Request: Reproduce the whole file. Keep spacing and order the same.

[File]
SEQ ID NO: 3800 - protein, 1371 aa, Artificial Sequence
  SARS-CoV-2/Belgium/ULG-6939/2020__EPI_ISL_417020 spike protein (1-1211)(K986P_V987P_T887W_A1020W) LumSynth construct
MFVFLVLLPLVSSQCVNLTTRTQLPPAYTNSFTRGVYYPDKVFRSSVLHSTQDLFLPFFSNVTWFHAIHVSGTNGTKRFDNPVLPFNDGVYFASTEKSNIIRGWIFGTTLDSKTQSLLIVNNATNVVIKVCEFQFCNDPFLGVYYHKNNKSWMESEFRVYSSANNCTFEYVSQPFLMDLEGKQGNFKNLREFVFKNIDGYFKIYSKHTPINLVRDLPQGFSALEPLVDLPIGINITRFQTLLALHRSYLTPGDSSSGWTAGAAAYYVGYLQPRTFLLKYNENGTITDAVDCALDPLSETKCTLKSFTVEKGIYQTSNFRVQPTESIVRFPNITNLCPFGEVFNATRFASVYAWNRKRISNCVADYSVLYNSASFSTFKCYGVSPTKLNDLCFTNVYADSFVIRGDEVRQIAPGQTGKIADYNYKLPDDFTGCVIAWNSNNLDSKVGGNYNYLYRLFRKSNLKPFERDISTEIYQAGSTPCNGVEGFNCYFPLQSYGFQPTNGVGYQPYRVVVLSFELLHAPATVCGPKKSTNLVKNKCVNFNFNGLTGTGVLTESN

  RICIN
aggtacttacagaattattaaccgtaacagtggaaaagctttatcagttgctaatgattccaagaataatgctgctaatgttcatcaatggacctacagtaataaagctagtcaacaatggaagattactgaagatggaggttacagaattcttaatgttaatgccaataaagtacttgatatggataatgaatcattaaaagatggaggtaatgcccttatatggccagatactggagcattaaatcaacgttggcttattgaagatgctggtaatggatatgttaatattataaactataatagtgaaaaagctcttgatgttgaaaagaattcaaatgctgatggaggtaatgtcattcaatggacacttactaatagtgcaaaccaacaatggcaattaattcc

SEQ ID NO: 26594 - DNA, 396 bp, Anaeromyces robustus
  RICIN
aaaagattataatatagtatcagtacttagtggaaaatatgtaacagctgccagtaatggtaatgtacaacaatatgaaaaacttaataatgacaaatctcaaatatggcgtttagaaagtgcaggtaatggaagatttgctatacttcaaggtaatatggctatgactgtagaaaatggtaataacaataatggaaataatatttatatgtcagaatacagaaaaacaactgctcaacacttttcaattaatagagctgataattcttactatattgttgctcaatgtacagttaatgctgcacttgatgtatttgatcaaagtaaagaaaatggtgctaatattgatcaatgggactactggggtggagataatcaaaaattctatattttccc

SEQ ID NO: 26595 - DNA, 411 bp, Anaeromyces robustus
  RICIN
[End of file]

SEQ ID NO: 3800 - protein, 1371 aa, Artificial Sequence
  SARS-CoV-2/Belgium/ULG-6939/2020__EPI_ISL_417020 spike protein (1-1211)(K986P_V987P_T887W_A1020W) LumSynth construct
MFVFLVLLPLVSSQCVNLTTRTQLPPAYTNSFTRGVYYPDKVFRSSVLHSTQDLFLPFFSNVTWFHAIHVSGTNGTKRFDNPVLPFNDGVYFASTEKSNIIRGWIFGTTLDSKTQSLLIVNNATNVVIKVCEFQFCNDPFLGVYYHKNNKSWMESEFRVYSSANNCTFEYVSQPFLMDLEGKQGNFKNLREFVFKNIDGYFKIYSKHTPINLVRDLPQGFSALEPLVDLPIGINITRFQTLLALHRSYLTPGDSSSGWTAGAAAYYVGYLQPRTFLLKYNENGTITDAVDCALDPLSETKCTLKSFTVEKGIYQTSNFRVQPTESIVRFPNITNLCPFGEVFNATRFASVYAWNRKRISNCVADYSVLYNSASFSTFKCYGVSPTKLNDLCFTNVYADSFVIRGDEVRQIAPGQTGKIADYNYKLPDDFTGCVIAWNSNNLDSKVGGNYNYLYRLFRKSNLKPFERDISTEIYQAGSTPCNGVEGFNCYFPLQSYGFQPTNGVGYQPYRVVVLSFELLHAPATVCGPKKSTNLVKNKCVNFNFNGLTGTGVLTESN

  RICIN
aggtacttacagaattattaaccgtaacagtggaaaagctttatcagttgctaatgattccaagaataatgctgctaatgttcatcaatggacctacagtaataaagctagtcaacaatggaagattactgaagatggaggttacagaattcttaatgttaatgccaataaagtacttgatatggataatgaatcattaaaagatggaggtaatgcccttatatggccagatactggagcattaaatcaacgttggcttattgaagatgctggtaatggatatgttaatattataaactataatagtgaaaaagctcttgatgttgaaaagaattcaaatgctgatggaggtaatgtcattcaatggacacttactaatagtgcaaaccaacaatggcaattaattcc

SEQ ID NO: 26594 - DNA, 396 bp, Anaeromyces robustus
  RICIN
aaaagattataatatagtatcagtacttagtggaaaatatgtaacagctgccagtaatggtaatgtacaacaatatgaaaaacttaataatgacaaatctcaaatatggcgtttagaaagtgcaggtaatggaagatttgctatacttcaaggtaatatggctatgactgtagaaaatggtaataacaataatggaaataatatttatatgtcagaatacagaaaaacaactgctcaacacttttcaattaatagagctgataattcttactatattgttgctcaatgtacagttaatgctgcacttgatgtatttgatcaaagtaaagaaaatggtgctaatattgatcaatgggactactggggtggagataatcaaaaattctatattttccc

SEQ ID NO: 26595 - DNA, 411 bp, Anaeromyces robustus
  RICIN